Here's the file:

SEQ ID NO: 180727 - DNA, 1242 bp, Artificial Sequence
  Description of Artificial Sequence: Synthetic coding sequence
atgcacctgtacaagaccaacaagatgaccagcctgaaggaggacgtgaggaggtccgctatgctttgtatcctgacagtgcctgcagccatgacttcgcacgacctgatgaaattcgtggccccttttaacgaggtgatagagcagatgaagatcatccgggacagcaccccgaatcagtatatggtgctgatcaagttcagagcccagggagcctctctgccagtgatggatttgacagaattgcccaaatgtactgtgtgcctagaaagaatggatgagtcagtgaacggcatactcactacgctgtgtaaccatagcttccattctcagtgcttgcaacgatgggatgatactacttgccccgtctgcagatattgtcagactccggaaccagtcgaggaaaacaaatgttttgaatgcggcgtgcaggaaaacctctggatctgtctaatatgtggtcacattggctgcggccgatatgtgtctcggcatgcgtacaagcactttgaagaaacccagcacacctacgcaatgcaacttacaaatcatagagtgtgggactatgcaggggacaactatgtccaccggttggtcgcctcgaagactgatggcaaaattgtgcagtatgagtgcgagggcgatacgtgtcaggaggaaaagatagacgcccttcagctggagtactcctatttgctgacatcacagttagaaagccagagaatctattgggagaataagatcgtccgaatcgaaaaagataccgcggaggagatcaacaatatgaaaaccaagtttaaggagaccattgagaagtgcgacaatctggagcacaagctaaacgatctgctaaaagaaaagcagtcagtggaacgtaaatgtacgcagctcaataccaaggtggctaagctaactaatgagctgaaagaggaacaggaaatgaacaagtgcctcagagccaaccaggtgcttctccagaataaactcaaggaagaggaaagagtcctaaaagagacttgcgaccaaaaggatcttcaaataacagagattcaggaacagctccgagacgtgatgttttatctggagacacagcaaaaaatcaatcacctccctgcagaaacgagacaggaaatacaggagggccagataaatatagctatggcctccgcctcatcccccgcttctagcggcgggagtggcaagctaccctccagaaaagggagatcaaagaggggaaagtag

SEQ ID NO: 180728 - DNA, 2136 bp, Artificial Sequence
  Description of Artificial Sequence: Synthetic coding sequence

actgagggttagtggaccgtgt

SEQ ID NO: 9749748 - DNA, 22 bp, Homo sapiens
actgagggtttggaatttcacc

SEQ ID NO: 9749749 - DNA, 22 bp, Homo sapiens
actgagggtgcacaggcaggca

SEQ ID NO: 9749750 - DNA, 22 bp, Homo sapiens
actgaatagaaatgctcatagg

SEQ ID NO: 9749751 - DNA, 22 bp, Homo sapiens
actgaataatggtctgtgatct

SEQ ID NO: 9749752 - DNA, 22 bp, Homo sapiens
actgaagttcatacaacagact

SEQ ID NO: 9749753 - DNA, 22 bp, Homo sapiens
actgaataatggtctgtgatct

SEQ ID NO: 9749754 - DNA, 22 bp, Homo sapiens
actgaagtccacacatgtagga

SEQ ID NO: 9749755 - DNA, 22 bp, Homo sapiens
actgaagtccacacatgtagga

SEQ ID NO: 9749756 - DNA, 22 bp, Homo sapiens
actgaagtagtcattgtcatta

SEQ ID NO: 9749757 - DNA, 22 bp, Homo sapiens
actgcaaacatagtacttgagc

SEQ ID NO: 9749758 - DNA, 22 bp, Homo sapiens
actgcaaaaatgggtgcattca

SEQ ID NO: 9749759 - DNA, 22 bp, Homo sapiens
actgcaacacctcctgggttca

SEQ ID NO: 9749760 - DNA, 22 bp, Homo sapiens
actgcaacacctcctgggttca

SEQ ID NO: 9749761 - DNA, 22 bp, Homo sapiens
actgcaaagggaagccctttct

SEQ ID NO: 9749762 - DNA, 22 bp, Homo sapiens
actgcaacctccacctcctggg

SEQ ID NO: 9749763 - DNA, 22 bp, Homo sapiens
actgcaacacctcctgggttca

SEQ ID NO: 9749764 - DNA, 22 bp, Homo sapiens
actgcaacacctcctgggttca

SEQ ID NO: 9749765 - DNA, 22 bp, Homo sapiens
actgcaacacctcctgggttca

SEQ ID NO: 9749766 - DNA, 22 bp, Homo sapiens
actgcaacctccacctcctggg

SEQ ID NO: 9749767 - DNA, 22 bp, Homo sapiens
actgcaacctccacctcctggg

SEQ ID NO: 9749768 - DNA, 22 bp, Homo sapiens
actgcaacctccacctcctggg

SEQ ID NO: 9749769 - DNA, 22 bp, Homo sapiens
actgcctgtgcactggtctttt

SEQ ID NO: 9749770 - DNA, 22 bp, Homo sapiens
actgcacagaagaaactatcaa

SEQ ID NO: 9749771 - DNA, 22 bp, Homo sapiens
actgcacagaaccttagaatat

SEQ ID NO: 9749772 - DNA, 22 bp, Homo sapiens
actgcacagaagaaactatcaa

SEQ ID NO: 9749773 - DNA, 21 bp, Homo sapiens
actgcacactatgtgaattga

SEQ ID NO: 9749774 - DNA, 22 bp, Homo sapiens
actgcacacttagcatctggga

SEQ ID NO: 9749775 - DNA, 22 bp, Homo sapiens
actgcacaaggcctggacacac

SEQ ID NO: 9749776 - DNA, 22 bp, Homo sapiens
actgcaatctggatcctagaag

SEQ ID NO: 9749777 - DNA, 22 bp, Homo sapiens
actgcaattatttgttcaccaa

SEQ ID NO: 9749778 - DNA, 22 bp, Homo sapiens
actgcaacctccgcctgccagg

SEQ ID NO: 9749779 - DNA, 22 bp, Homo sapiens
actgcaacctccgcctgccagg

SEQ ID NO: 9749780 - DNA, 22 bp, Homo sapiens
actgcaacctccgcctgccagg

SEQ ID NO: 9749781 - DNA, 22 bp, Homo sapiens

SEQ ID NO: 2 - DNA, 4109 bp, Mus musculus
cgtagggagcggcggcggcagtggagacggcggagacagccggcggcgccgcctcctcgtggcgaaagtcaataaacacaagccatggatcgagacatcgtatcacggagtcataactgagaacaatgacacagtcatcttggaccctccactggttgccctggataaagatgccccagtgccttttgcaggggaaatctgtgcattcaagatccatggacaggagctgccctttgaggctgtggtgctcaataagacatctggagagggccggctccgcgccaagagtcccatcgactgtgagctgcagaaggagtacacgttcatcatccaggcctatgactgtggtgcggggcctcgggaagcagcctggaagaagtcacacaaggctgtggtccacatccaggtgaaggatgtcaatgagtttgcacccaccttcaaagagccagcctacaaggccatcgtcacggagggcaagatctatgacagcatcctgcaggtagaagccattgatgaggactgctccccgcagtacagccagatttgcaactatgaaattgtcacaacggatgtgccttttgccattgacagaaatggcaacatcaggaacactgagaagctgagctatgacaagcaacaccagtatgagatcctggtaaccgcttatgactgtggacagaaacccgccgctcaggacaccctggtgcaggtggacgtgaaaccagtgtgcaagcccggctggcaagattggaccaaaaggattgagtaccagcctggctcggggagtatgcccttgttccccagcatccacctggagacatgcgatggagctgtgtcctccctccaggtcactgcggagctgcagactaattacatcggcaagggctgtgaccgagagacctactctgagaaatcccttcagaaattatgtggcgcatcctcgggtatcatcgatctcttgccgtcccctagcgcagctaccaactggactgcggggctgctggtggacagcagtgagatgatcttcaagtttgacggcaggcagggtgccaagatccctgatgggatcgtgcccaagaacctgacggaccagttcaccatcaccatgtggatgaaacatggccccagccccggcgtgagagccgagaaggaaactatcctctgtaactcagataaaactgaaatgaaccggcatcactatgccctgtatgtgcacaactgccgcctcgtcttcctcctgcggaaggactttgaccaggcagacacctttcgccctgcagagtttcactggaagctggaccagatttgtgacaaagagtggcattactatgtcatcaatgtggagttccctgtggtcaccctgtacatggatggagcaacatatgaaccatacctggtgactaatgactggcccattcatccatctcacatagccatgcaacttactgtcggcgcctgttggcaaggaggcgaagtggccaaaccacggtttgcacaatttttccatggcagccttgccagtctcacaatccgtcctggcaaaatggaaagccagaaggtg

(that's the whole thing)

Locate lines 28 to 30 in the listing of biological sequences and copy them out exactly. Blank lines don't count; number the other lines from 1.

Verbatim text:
actgcaaaaatgggtgcattca

SEQ ID NO: 9749759 - DNA, 22 bp, Homo sapiens
actgcaacacctcctgggttca